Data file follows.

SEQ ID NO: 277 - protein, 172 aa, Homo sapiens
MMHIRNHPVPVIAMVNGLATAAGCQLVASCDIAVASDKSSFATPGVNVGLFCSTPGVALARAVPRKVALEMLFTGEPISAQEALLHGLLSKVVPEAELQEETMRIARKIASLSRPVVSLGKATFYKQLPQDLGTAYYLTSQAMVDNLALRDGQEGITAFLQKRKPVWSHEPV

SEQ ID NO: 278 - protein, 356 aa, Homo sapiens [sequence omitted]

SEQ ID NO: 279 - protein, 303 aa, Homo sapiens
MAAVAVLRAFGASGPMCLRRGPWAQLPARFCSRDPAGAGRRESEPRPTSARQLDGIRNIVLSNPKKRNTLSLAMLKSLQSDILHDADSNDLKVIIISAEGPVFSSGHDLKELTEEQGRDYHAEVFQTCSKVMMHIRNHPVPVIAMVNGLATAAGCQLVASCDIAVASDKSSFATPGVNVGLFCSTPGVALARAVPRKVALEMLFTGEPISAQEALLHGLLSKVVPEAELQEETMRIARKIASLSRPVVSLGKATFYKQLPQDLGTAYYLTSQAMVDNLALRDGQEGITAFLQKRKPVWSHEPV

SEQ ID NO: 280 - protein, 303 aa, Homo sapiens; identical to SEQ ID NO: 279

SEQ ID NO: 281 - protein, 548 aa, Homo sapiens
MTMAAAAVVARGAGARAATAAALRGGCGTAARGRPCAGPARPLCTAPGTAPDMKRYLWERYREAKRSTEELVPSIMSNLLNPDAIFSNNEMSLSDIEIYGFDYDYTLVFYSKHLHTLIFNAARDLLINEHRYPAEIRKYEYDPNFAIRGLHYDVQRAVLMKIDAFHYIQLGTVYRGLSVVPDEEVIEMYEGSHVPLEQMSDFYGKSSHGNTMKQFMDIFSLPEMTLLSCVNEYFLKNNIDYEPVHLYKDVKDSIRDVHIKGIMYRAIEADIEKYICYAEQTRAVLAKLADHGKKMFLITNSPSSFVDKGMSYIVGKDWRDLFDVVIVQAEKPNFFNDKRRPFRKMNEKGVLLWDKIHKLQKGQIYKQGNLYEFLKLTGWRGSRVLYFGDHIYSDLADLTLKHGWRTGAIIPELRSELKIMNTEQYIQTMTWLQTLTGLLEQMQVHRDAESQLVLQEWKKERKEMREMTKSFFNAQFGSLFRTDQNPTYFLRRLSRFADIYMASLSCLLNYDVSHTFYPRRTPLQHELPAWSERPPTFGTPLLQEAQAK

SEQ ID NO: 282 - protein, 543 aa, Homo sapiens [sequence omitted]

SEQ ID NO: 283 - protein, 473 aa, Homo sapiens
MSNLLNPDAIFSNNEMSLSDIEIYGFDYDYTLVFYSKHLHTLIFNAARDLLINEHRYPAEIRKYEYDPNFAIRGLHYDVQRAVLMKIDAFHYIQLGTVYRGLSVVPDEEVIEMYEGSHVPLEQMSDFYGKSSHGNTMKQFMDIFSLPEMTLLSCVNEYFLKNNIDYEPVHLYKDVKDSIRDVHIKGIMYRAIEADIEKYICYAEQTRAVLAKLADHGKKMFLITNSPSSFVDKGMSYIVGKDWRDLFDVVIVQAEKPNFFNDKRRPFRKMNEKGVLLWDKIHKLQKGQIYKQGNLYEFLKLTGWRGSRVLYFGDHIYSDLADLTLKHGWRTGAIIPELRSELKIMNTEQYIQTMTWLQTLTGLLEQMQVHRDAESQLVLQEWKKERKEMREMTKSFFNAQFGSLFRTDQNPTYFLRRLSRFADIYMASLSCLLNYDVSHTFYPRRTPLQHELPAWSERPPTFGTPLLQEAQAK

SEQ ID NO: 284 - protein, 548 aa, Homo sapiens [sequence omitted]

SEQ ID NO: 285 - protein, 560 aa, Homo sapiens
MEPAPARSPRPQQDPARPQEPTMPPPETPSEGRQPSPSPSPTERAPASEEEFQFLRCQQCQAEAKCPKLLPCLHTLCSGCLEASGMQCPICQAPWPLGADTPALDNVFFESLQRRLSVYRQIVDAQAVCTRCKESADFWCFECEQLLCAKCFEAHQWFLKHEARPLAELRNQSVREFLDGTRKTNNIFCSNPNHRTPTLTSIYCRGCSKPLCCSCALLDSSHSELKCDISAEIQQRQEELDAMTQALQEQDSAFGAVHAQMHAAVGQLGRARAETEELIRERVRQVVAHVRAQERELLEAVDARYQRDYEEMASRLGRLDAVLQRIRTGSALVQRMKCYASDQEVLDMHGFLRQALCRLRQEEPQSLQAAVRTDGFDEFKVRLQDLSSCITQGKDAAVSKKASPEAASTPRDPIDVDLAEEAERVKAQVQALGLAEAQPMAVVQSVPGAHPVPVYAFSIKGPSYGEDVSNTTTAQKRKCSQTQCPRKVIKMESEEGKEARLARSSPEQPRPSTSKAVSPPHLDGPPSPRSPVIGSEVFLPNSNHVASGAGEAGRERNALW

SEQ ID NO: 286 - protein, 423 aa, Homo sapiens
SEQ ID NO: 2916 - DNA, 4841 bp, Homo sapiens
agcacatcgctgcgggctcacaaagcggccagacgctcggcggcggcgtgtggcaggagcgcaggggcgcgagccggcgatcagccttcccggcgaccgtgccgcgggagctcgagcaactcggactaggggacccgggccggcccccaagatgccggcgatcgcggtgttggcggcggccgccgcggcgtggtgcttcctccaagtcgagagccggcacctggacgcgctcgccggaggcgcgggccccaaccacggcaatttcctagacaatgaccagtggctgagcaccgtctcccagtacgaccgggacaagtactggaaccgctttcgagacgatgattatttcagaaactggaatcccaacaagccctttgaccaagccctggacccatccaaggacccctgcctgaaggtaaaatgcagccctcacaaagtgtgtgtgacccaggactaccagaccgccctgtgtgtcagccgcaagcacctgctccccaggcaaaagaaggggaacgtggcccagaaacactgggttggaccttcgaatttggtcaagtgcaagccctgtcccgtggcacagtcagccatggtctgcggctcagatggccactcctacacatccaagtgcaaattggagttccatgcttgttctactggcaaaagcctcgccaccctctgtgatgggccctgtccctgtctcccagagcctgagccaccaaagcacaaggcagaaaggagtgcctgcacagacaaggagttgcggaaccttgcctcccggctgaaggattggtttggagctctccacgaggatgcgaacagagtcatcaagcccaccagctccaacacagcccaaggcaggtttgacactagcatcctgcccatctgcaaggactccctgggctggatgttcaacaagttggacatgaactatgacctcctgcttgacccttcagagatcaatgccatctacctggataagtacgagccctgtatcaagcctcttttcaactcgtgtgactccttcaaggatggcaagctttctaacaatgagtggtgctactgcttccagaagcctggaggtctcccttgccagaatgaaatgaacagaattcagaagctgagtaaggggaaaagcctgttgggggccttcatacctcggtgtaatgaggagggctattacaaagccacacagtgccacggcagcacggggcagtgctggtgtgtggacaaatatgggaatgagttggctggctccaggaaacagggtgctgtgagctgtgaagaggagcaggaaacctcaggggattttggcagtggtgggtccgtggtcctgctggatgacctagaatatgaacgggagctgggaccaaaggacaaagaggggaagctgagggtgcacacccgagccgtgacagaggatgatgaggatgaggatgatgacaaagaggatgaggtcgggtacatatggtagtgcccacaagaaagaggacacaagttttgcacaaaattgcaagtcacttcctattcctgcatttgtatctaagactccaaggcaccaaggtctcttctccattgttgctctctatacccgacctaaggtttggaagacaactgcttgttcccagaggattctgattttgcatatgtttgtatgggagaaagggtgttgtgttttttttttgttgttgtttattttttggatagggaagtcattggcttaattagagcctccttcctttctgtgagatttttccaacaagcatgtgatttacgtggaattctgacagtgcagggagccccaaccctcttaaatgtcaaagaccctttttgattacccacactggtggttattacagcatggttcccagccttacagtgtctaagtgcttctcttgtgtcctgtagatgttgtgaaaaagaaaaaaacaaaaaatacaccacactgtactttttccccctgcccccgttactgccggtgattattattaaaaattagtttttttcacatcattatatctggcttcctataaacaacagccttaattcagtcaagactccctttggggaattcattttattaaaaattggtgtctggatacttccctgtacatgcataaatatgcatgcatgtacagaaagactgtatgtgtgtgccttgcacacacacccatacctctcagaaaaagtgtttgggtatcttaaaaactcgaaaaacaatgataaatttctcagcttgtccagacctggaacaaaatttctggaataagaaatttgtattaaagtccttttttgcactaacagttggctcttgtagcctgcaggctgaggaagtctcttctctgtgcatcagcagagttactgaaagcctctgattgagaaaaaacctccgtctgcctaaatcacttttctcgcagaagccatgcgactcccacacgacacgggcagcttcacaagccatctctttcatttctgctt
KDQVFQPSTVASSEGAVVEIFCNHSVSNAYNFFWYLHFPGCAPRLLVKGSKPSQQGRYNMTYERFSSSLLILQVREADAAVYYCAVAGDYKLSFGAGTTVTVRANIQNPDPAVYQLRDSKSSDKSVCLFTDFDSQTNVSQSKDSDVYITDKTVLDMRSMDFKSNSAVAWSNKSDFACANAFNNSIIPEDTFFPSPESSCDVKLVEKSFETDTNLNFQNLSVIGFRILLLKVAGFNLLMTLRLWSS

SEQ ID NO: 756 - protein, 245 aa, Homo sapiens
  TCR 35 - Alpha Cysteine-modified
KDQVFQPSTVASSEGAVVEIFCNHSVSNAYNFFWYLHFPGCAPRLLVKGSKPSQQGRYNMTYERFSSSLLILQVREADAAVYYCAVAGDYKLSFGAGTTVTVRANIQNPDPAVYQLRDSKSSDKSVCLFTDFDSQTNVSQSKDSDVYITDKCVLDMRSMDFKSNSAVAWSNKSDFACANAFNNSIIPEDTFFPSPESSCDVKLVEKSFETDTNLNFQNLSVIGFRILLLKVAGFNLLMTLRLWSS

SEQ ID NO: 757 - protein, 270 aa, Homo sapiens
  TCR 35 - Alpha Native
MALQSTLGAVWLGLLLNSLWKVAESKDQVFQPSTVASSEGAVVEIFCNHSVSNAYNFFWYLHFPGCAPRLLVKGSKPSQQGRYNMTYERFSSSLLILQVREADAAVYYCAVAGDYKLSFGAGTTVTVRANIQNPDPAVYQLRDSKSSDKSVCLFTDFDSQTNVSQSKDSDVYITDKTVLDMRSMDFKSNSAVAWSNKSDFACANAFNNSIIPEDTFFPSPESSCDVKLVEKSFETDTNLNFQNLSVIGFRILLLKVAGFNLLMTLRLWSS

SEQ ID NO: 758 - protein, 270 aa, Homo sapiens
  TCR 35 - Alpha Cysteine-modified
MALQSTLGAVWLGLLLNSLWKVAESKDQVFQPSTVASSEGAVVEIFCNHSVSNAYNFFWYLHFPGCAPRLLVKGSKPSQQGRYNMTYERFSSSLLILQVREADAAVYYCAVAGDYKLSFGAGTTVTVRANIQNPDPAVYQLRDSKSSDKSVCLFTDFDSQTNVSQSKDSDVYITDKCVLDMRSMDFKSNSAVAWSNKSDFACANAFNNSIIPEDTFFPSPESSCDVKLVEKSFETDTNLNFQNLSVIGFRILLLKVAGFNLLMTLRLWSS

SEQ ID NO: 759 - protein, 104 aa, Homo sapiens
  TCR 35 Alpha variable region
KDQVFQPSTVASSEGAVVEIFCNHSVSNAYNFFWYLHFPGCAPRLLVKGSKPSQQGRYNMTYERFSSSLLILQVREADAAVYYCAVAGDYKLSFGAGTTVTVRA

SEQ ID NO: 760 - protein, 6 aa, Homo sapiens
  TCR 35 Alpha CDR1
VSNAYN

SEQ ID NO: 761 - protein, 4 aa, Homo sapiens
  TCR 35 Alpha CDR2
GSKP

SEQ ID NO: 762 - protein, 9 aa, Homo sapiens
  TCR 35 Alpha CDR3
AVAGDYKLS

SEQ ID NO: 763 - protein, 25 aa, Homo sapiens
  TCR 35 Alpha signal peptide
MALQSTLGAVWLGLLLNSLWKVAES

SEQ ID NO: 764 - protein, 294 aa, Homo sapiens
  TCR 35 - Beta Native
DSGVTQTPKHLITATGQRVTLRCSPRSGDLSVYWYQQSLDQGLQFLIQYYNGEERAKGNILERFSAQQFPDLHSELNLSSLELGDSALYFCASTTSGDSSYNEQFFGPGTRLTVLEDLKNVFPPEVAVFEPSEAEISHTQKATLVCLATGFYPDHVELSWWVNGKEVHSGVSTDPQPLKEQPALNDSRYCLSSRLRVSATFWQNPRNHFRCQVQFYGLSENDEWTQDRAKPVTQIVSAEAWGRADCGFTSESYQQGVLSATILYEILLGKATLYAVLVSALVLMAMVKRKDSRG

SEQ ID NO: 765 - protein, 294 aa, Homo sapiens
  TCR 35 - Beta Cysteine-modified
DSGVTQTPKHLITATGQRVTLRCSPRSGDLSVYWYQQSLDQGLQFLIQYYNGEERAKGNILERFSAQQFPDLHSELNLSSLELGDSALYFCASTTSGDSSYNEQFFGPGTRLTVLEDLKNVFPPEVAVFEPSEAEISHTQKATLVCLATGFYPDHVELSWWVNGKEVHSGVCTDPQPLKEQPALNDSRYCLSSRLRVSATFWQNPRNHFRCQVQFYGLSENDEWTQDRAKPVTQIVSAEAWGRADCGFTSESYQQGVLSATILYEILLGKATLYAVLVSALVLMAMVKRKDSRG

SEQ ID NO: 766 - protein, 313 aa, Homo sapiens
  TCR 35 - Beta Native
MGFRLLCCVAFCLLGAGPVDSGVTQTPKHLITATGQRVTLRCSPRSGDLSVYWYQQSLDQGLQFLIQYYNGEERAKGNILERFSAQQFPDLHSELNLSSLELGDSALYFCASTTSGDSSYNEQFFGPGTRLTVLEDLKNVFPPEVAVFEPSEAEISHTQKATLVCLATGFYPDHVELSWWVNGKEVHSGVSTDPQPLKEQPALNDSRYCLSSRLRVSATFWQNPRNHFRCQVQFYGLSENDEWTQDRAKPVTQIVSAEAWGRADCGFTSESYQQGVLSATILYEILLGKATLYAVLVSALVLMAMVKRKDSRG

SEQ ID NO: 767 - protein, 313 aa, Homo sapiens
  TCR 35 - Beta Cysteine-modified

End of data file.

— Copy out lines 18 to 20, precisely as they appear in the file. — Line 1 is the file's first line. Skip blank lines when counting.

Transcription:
KDQVFQPSTVASSEGAVVEIFCNHSVSNAYNFFWYLHFPGCAPRLLVKGSKPSQQGRYNMTYERFSSSLLILQVREADAAVYYCAVAGDYKLSFGAGTTVTVRANIQNPDPAVYQLRDSKSSDKSVCLFTDFDSQTNVSQSKDSDVYITDKTVLDMRSMDFKSNSAVAWSNKSDFACANAFNNSIIPEDTFFPSPESSCDVKLVEKSFETDTNLNFQNLSVIGFRILLLKVAGFNLLMTLRLWSS

SEQ ID NO: 756 - protein, 245 aa, Homo sapiens
  TCR 35 - Alpha Cysteine-modified